Like a lot of POS VARs, Sequoia Retail Systems used to be a hardware-centric reseller that sold and implemented $5,000 to $6,000 POS terminals. As the BYOD and consumerization of IT trends progressed, many merchants — including Sequoia’s customers — started demanding a whole new kind of POS system. “Customers want POS systems that incorporate the latest consumer tablets without giving up the functionality and reliability of a traditional POS system,” says Diaz. “The consensus among many customers is that ‘If our tablet-based POS system breaks, FedEx can overnight us a new one.’”
Sequoia has learned that the challenge described above requires a two-part response, and the first part involves education. “Just because a dining venue manager sees an iPad being used at a boutique shop to cash out patrons doesn’t mean this is the appropriate device to use in the campus dining halls, where they’re doing 3,000 transactions per day,” says Diaz. The ISV also helps customers realize the real cost of downtime when something goes wrong. In the example used earlier of overnighting a new tablet to replace a faulty one, the merchant needs to understand that it takes time to set up and configure the new device.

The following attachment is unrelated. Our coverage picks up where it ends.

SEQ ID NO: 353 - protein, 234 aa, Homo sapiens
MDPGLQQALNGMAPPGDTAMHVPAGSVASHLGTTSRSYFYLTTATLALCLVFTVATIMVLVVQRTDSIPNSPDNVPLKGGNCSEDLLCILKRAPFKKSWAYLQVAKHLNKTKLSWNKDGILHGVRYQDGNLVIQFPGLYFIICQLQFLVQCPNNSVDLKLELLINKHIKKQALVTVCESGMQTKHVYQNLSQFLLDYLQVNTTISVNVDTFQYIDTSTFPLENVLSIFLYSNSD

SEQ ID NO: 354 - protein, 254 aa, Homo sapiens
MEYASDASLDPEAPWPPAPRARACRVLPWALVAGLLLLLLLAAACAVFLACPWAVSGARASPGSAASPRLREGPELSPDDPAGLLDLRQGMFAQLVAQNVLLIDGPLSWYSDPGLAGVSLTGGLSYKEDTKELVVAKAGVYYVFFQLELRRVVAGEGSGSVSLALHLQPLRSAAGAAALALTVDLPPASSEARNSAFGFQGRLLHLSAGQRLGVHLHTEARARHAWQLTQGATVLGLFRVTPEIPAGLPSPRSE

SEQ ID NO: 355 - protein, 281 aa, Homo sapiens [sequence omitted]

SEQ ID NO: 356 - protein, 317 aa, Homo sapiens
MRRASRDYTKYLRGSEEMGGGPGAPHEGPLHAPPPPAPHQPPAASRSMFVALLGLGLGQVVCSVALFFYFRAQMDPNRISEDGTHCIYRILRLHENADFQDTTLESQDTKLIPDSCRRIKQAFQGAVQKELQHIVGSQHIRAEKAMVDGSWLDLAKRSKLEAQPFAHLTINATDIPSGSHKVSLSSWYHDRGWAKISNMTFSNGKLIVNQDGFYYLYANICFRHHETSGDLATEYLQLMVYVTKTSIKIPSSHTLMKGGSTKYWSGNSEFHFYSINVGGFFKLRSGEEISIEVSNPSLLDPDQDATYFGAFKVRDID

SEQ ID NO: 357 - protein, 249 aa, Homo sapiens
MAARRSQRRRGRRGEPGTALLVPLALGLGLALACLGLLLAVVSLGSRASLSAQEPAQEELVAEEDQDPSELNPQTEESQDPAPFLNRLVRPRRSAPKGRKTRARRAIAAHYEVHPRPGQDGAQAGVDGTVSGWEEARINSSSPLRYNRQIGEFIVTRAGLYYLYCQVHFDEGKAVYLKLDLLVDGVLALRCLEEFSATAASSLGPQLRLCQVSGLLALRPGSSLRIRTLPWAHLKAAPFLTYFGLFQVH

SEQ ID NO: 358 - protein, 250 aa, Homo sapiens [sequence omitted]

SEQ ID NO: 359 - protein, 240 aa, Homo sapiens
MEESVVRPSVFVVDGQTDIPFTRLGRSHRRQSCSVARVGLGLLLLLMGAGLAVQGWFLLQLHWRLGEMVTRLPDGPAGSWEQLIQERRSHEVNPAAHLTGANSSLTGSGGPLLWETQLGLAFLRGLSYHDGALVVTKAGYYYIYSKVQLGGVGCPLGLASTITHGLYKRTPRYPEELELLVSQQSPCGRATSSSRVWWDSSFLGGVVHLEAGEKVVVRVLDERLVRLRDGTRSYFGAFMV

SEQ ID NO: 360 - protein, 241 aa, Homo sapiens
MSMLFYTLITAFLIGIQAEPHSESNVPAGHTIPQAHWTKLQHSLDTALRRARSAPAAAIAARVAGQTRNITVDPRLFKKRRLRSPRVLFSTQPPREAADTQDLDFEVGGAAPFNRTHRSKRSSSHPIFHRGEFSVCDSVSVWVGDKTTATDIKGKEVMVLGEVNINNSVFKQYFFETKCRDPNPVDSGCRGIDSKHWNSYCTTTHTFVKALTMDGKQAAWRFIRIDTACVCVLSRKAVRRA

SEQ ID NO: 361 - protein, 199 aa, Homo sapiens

After reestablishing the value of using purpose-built devices along with the value of working with Sequoia to minimize downtime, the company proposes a happy medium: A device that resembles an Android or iOS tablet, but is actually a purpose-built business class device. (To learn more about which devices Sequoia recommends, check out the sidebar on page 14.) “While approximately twice the cost of popular consumer tablets, these devices are much easier to bundle with peripherals and POS apps, plus they are much easier to support,” says Diaz. “Additionally, because they’re purpose-built with embedded operation systems, they have a much longer life cycle than a consumer device.”